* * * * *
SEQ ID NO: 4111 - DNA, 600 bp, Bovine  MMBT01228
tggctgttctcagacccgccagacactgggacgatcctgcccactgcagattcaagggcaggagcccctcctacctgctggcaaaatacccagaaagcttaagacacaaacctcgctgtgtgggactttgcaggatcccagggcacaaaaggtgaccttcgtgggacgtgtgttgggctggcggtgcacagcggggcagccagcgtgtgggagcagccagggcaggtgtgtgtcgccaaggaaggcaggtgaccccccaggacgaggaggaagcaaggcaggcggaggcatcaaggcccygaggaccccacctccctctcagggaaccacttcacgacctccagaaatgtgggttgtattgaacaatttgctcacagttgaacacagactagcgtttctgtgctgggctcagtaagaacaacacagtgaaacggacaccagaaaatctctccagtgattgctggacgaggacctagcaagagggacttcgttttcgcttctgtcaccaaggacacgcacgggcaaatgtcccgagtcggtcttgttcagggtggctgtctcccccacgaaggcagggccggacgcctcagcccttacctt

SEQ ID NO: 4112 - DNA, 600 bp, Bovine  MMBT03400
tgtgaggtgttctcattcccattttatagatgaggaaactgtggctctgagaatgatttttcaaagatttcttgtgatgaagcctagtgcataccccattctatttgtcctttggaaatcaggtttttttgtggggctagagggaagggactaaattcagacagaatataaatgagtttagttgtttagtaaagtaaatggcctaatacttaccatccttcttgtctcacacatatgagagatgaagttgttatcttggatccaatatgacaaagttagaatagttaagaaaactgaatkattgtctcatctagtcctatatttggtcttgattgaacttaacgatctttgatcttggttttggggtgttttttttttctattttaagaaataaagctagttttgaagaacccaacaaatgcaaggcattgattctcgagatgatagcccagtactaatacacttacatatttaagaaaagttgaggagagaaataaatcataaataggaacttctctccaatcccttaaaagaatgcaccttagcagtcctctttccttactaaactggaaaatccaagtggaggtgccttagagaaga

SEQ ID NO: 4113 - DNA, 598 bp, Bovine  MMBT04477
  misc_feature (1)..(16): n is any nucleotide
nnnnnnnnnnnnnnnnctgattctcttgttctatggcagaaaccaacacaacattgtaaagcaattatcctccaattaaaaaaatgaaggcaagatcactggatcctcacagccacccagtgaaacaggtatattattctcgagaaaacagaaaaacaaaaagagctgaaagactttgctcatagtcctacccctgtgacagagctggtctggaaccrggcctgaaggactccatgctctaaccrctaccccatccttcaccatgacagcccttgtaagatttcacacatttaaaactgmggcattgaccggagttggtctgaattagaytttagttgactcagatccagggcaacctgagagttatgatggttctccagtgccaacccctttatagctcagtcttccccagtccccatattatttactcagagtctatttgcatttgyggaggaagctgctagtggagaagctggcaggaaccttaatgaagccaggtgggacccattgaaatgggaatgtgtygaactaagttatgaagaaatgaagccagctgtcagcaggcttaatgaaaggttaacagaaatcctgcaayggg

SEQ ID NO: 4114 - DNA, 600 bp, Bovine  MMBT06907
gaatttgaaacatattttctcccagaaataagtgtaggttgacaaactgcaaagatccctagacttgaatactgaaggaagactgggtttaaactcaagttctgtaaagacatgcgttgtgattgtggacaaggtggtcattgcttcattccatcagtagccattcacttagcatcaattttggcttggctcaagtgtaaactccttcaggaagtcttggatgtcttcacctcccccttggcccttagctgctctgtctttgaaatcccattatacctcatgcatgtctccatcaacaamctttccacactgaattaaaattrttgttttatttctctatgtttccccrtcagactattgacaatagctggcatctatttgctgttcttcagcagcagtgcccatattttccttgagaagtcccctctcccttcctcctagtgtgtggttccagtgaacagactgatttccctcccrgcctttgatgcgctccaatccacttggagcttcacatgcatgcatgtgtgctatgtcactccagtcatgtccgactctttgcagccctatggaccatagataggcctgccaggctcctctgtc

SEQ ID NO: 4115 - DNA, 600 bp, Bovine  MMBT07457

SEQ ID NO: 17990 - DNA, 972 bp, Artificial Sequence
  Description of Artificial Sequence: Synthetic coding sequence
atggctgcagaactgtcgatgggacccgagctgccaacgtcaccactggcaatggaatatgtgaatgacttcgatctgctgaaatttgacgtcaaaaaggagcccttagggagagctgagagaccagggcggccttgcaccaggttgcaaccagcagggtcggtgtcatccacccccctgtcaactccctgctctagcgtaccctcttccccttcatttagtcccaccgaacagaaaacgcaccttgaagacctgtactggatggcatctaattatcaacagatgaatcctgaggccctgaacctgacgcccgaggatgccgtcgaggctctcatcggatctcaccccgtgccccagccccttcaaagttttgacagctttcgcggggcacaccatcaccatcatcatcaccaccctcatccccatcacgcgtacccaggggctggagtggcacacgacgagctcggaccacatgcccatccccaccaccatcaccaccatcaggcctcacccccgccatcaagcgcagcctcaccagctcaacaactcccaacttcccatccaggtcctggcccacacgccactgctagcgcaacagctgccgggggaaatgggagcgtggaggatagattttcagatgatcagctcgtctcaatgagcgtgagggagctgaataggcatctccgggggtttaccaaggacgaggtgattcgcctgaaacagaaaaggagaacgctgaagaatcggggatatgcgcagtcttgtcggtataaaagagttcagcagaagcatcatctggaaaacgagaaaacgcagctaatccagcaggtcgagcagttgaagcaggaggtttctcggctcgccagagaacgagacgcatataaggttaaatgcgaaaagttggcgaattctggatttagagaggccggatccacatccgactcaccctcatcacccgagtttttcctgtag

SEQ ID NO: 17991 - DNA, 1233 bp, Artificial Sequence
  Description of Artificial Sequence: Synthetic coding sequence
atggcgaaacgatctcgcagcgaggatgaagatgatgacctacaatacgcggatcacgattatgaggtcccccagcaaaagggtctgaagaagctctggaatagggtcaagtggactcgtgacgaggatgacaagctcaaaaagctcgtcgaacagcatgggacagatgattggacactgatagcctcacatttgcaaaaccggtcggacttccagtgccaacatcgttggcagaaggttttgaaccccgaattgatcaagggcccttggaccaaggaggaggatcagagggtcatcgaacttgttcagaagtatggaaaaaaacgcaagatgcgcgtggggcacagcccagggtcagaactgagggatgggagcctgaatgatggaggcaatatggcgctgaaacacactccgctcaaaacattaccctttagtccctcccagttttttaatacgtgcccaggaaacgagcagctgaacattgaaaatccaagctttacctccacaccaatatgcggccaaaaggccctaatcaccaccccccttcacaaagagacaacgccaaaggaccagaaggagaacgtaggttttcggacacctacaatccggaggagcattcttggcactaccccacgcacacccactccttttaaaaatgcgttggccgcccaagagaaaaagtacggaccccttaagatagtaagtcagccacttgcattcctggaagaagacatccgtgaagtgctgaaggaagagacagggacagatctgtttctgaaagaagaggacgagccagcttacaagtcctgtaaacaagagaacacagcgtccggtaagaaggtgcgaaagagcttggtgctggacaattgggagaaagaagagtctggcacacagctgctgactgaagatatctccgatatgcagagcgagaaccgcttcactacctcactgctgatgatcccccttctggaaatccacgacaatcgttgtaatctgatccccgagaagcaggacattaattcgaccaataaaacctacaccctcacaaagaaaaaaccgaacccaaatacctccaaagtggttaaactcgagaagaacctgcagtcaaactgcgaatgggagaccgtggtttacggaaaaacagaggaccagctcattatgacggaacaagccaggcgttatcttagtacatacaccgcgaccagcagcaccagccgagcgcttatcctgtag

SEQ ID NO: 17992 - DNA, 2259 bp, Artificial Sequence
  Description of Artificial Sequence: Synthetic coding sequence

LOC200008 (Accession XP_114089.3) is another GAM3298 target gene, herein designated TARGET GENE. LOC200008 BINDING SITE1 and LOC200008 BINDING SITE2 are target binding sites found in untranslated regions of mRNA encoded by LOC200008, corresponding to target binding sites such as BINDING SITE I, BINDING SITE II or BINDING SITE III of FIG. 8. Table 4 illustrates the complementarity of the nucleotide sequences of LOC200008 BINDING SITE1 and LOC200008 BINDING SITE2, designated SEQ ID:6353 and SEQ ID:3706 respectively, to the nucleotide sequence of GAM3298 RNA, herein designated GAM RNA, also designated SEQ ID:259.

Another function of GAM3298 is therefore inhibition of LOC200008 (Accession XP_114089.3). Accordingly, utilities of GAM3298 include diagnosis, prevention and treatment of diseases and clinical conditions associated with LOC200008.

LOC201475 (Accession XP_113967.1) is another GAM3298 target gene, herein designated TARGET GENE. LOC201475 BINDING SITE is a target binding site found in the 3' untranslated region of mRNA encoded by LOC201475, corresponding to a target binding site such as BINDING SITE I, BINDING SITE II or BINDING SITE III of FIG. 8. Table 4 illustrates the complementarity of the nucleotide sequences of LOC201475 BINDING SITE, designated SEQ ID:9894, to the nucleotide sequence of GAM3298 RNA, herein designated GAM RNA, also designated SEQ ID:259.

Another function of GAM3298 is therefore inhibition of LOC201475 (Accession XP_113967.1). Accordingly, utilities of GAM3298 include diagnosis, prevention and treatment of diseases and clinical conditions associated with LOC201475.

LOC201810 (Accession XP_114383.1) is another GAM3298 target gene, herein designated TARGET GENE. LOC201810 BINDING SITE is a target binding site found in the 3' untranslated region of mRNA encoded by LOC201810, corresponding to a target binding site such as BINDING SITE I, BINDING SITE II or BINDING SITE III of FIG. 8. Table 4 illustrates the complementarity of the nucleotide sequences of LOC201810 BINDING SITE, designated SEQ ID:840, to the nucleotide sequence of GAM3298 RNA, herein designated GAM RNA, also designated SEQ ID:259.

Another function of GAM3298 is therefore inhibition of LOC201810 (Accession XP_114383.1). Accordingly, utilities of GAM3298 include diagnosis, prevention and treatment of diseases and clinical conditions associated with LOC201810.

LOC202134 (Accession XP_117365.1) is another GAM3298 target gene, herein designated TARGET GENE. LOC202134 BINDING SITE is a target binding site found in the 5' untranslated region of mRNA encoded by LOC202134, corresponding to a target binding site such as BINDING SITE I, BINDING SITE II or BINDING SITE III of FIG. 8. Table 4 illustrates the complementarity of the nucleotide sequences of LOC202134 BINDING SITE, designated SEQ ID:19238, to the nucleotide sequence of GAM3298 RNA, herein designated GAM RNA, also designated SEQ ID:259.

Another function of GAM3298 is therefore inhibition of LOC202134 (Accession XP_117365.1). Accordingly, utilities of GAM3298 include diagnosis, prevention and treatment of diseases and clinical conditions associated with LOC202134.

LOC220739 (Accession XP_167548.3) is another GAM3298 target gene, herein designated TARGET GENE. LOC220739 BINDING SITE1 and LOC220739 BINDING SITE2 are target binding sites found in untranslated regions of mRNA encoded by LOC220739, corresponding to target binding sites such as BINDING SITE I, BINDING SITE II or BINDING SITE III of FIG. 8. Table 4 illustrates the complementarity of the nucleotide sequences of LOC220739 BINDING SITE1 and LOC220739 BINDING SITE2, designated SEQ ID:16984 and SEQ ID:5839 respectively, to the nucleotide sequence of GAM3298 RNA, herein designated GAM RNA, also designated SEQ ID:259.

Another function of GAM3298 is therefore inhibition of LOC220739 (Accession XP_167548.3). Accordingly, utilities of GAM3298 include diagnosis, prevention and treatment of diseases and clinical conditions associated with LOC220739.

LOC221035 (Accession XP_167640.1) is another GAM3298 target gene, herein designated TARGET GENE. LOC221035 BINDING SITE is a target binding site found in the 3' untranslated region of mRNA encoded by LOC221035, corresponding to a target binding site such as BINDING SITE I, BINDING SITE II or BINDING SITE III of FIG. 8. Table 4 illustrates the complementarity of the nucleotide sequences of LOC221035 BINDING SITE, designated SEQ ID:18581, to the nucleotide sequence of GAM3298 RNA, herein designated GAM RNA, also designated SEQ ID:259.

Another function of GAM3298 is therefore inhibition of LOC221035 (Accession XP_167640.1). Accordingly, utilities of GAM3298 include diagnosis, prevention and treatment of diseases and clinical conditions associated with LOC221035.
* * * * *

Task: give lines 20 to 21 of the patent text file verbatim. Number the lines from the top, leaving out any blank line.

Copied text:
Another function of GAM3298 is therefore inhibition of LOC200008 (Accession XP_114089.3). Accordingly, utilities of GAM3298 include diagnosis, prevention and treatment of diseases and clinical conditions associated with LOC200008.

LOC201475 (Accession XP_113967.1) is another GAM3298 target gene, herein designated TARGET GENE. LOC201475 BINDING SITE is a target binding site found in the 3' untranslated region of mRNA encoded by LOC201475, corresponding to a target binding site such as BINDING SITE I, BINDING SITE II or BINDING SITE III of FIG. 8. Table 4 illustrates the complementarity of the nucleotide sequences of LOC201475 BINDING SITE, designated SEQ ID:9894, to the nucleotide sequence of GAM3298 RNA, herein designated GAM RNA, also designated SEQ ID:259.